Excellent performance is one reason private market AUM reached all-time highs in the first half of 2021, just under $10 trillion.1 But as more investors look to diversify their portfolios with these illiquid assets, more realize a significant challenge: data.
In public markets, investors typically utilize performance that is marked-to-market, in real-time, and daily. On the other hand, private market performance is typically smoothed, marked-to-value, lagged relative to public markets, and infrequent. Smoothed private asset returns may also artificially lower volatility and reduce the explainability of risk, the latter being an important and often overlooked consequence of smoothing. For investors looking to holistically analyze a portfolio that includes private assets, especially alongside public market investments, this data limitation poses a significant hurdle.
Take a classic private real estate example such as the NCREIF Property index and a public proxy.2 Focusing on the 2009 rebound, we see how private real estate began an upward movement multiple quarters after that of the public proxy. This is despite the notion that they are probably driven by the same movements in common risk factors, such as economic growth and interest rates.
Exhibit 1: Smoothed Private Real Estate Has Lagged Public Markets
Source: Venn by Two Sigma, Bloomberg. Period from Q4 1997 to Q3 2022. The NCREIF Property index represents private real estate while the MSCI US REIT index represents the public proxy.
Additionally, over this period the private real estate index exhibited a volatility of just 4.42% while the public proxy’s volatility was 21.13%. Understanding that these differences are not likely real, but rather the outcome of smoothed and infrequent private data, promotes a call to action.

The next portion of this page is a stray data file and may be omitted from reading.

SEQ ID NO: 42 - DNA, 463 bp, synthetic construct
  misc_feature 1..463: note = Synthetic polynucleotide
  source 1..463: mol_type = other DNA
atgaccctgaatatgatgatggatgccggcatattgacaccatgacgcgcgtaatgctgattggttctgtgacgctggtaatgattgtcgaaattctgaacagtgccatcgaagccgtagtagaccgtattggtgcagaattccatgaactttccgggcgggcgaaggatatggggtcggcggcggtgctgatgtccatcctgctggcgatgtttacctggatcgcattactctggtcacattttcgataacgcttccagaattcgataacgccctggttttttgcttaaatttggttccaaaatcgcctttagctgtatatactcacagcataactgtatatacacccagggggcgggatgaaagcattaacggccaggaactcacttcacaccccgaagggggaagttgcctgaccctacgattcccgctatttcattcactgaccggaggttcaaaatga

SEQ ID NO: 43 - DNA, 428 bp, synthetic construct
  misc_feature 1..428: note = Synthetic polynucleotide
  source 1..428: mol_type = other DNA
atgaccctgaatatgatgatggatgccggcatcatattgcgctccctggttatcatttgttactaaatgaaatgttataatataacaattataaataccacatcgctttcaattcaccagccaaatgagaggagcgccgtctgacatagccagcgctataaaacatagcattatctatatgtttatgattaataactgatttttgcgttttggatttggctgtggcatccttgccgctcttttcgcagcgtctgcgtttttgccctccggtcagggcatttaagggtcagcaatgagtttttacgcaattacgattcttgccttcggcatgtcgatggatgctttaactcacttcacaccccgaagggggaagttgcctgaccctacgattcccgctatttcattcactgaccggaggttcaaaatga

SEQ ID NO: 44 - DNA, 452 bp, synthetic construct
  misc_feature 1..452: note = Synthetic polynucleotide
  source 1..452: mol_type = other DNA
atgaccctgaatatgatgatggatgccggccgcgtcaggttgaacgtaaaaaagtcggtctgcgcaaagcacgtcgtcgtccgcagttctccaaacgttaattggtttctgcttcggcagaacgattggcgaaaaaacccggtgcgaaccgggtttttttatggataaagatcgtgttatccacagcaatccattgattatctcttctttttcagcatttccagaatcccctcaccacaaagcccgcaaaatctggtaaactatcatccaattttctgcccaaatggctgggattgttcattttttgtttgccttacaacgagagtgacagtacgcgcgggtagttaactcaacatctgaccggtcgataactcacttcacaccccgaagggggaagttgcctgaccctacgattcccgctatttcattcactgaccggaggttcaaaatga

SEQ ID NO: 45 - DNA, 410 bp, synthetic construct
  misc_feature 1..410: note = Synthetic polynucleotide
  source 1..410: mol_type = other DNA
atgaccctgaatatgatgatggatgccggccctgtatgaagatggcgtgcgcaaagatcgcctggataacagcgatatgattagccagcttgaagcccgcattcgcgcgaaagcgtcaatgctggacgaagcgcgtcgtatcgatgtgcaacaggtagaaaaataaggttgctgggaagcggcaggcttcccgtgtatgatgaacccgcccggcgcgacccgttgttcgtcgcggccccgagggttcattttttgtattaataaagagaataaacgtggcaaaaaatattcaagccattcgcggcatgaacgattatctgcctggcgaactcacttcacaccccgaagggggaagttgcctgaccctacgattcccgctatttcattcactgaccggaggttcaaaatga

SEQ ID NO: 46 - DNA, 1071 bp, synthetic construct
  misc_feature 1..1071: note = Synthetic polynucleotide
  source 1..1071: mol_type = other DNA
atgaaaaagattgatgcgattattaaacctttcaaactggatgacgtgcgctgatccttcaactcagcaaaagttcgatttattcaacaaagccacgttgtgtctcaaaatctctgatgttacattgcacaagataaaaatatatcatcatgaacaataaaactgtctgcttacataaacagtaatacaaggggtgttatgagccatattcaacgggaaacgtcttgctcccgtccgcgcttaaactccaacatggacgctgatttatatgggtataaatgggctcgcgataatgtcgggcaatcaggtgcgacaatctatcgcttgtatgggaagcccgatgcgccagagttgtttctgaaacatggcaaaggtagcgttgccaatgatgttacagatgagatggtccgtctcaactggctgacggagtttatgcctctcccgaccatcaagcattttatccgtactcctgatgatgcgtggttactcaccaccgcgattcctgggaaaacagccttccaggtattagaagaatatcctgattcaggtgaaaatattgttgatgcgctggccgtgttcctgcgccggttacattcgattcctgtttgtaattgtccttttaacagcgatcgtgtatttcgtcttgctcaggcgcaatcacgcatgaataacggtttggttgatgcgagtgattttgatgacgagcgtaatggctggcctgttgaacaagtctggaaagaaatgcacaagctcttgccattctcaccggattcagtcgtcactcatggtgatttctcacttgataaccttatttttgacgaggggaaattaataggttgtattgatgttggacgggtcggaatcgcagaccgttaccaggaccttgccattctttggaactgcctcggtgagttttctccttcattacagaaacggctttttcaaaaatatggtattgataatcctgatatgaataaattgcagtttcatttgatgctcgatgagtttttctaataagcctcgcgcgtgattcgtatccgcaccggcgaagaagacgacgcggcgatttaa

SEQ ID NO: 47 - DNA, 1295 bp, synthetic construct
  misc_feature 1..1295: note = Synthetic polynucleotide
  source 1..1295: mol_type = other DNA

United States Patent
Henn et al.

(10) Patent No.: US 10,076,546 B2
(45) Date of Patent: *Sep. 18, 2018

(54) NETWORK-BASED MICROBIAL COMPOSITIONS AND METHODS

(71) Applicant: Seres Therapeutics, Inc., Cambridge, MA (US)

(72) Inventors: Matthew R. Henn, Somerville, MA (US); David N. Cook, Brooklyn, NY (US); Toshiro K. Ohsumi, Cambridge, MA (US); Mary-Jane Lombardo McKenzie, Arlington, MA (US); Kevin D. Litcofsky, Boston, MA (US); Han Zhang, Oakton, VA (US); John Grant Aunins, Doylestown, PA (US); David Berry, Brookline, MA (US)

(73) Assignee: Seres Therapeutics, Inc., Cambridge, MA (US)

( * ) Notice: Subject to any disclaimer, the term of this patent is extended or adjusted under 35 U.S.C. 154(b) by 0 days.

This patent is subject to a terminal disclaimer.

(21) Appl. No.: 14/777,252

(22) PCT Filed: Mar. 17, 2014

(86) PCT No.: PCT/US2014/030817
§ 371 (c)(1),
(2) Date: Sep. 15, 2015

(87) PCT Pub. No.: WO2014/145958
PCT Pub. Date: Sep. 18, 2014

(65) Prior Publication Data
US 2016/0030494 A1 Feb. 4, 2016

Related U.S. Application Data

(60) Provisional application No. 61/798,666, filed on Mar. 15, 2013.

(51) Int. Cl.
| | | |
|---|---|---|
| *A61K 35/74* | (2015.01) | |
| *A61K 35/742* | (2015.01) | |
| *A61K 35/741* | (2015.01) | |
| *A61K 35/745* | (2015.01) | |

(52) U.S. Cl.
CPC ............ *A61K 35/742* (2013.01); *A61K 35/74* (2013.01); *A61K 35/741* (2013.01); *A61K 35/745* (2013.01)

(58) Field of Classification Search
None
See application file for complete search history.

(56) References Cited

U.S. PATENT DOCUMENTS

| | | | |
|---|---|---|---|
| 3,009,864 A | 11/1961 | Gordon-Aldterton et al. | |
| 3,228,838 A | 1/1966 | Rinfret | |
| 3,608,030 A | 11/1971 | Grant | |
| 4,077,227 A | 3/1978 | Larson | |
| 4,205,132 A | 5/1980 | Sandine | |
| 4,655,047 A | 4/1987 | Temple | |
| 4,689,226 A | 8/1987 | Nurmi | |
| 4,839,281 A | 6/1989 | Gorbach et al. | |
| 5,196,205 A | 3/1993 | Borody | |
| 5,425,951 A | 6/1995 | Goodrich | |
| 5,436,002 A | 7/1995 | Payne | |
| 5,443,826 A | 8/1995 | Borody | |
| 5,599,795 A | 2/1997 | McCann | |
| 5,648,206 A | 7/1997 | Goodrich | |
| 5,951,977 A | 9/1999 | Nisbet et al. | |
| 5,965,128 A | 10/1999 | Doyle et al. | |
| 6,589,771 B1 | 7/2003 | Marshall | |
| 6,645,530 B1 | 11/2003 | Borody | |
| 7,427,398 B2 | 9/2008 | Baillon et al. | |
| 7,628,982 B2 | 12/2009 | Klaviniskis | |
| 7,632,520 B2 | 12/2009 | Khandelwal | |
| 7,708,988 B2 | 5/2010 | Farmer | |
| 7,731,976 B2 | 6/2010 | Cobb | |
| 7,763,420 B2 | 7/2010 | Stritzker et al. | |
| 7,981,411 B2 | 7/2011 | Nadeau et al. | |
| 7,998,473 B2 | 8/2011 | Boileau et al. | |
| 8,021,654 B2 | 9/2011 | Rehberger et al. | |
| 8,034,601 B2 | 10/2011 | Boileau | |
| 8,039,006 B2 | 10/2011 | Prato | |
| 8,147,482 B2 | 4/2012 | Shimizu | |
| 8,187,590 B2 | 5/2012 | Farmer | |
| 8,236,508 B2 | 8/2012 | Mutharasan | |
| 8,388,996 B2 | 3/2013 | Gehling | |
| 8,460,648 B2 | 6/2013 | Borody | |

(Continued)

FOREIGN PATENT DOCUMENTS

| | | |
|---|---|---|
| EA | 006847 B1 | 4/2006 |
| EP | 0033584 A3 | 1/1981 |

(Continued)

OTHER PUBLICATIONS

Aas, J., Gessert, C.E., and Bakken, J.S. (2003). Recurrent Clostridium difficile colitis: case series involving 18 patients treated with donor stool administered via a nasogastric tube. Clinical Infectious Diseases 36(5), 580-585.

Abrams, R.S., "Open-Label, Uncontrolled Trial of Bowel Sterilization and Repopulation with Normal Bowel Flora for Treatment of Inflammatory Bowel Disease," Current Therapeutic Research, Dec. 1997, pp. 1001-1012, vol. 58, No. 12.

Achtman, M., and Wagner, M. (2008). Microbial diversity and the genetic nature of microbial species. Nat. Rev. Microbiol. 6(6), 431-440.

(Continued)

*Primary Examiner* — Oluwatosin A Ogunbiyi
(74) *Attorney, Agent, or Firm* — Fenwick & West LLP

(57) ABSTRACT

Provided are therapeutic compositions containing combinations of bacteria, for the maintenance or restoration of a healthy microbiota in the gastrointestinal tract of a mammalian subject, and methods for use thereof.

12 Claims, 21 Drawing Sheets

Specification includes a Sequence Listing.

How to View Private Asset Data Through a Public Lens
Public market data is frequent and marked to market. As a result, one way to potentially improve the quality of private asset returns is by making them look and feel more like a public market proxy. To accomplish this goal, Venn uses two statistical methods: desmoothing and interpolation.
Below you can see the role that each method plays on the journey to viewing private asset returns with a public lens. Specifically, desmoothing aims to reduce private market performance lag and mark it to the market, while interpolation aims to increase the frequency of data.
Exhibit 2: Utilizing Desmoothing and Interpolation to Take a Public View
Source: Venn by Two Sigma. For illustration purposes only.
More About Desmoothing
When we desmooth private asset returns, we follow the econometric model by Getmansky, Lo, and Marakov (2004).3 Put simply, we attempt to reverse-engineer the smoothing process by looking at the smoothed private asset performance and its regression-based relationship with an appropriate public market proxy.
What are some measures of success for a desmoothed return stream?
- An increase in volatility: Desmoothing returns may increase volatility by adjusting them to more accurately reflect public market volatility.
- A decrease in autocorrelation: High autocorrelation is a natural bias of smoothing. Decreasing the absolute magnitude of autocorrelation better reflects market reactions (by moving it closer to the autocorrelation of the public proxy) and indicates that past returns are now less similar to future returns.
- A decrease in residual contribution to risk: Venn’s Two Sigma Factor Lens is holistic, aiming to explain a large degree of portfolio variation. Smoothed private asset returns represent an unnatural market process that leads to larger amounts of unexplainable risk (residual). Desmoothing may reduce this unexplainable risk.
Given these three measures of potential success, we tested Venn’s desmoothing process on private real estate, equity, buyouts, and venture capital, and summarized our results below in Exhibit 3. In every instance, changes in all three measures met our expectations with volatility increasing, and autocorrelation and residual risk contribution decreasing.
Exhibit 3: Results From Desmoothing Various Private Asset Indexes